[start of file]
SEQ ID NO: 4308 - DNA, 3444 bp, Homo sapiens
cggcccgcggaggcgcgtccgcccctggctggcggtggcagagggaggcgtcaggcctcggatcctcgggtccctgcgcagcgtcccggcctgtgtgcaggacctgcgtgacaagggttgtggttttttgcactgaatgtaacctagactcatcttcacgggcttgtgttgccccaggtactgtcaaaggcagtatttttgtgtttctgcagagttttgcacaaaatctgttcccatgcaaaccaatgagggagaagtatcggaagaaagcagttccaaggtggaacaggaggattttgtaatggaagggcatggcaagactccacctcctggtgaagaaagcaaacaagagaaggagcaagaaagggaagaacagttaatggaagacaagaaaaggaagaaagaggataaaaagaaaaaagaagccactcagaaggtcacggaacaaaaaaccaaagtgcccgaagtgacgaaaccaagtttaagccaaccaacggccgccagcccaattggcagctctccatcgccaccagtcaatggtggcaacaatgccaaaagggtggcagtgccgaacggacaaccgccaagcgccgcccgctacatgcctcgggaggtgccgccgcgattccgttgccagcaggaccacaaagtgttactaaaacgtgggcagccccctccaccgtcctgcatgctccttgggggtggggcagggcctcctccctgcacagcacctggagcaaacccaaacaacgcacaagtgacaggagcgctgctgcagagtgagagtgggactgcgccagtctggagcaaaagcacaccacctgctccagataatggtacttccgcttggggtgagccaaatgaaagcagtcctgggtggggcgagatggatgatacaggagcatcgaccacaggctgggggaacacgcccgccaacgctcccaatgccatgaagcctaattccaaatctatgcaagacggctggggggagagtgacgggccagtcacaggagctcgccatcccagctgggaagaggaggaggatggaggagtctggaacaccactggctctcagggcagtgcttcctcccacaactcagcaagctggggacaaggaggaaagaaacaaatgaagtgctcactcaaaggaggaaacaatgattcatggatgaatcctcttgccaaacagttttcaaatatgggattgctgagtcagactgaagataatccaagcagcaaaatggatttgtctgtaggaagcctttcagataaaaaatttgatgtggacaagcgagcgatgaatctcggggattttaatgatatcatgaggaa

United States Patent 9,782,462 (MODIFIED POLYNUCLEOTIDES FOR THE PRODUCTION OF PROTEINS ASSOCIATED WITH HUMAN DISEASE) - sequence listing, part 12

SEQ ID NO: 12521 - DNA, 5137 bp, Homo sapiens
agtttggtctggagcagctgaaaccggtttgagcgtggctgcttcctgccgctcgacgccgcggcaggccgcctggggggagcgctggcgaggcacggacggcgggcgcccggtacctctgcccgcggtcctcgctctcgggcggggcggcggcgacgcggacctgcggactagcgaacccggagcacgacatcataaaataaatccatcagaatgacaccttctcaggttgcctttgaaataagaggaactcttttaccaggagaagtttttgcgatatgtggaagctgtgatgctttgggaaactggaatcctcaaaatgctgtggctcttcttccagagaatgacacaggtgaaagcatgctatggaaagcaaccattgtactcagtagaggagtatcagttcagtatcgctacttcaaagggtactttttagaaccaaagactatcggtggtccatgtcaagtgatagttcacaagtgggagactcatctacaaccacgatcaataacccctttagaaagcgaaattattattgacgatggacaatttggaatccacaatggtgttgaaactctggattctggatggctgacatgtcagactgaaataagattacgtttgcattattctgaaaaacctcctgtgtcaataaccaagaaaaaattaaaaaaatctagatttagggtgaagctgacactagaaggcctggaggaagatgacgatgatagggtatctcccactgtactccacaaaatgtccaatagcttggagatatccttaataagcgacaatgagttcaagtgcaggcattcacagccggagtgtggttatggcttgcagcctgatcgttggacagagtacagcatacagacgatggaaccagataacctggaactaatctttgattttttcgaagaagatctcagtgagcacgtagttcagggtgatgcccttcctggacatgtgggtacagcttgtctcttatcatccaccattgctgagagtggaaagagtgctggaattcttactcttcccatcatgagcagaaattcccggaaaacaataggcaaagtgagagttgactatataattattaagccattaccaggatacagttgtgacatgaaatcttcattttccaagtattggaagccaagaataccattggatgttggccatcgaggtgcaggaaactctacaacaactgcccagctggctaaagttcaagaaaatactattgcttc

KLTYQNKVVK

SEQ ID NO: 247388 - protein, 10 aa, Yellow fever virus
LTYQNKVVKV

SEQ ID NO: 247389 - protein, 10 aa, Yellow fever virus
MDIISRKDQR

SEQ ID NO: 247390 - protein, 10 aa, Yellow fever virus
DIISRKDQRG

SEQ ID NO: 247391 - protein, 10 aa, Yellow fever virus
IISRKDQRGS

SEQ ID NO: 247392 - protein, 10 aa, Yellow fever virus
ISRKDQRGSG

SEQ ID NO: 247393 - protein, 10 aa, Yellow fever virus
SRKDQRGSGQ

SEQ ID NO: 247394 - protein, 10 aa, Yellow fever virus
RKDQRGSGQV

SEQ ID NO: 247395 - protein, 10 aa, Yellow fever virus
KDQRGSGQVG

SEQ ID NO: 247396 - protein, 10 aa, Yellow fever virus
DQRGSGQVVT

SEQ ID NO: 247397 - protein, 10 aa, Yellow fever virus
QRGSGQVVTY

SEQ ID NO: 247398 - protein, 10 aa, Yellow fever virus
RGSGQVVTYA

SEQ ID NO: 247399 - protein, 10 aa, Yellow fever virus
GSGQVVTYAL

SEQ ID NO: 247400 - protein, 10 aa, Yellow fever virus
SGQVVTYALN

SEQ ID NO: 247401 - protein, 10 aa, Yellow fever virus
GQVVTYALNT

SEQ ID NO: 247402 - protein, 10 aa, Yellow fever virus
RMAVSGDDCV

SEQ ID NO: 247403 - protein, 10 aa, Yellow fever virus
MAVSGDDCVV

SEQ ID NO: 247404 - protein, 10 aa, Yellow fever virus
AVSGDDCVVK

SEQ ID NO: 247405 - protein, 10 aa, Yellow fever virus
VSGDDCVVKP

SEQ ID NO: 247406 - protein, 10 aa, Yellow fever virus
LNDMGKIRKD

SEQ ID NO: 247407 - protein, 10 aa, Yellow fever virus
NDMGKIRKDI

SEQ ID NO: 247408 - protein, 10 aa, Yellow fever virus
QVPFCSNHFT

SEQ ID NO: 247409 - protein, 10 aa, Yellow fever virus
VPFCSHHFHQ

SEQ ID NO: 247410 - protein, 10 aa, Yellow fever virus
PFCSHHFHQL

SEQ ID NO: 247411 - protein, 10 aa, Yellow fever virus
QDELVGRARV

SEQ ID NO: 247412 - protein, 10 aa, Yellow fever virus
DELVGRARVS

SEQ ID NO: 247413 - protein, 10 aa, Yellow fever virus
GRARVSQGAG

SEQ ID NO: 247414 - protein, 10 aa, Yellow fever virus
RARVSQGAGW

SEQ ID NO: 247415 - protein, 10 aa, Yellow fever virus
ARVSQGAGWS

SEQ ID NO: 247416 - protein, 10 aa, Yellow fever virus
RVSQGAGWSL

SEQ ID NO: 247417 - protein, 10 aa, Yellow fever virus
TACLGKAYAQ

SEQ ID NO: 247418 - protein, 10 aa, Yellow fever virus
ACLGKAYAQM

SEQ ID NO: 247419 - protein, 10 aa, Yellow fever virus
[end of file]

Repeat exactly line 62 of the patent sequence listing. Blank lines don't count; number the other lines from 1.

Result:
ARVSQGAGWS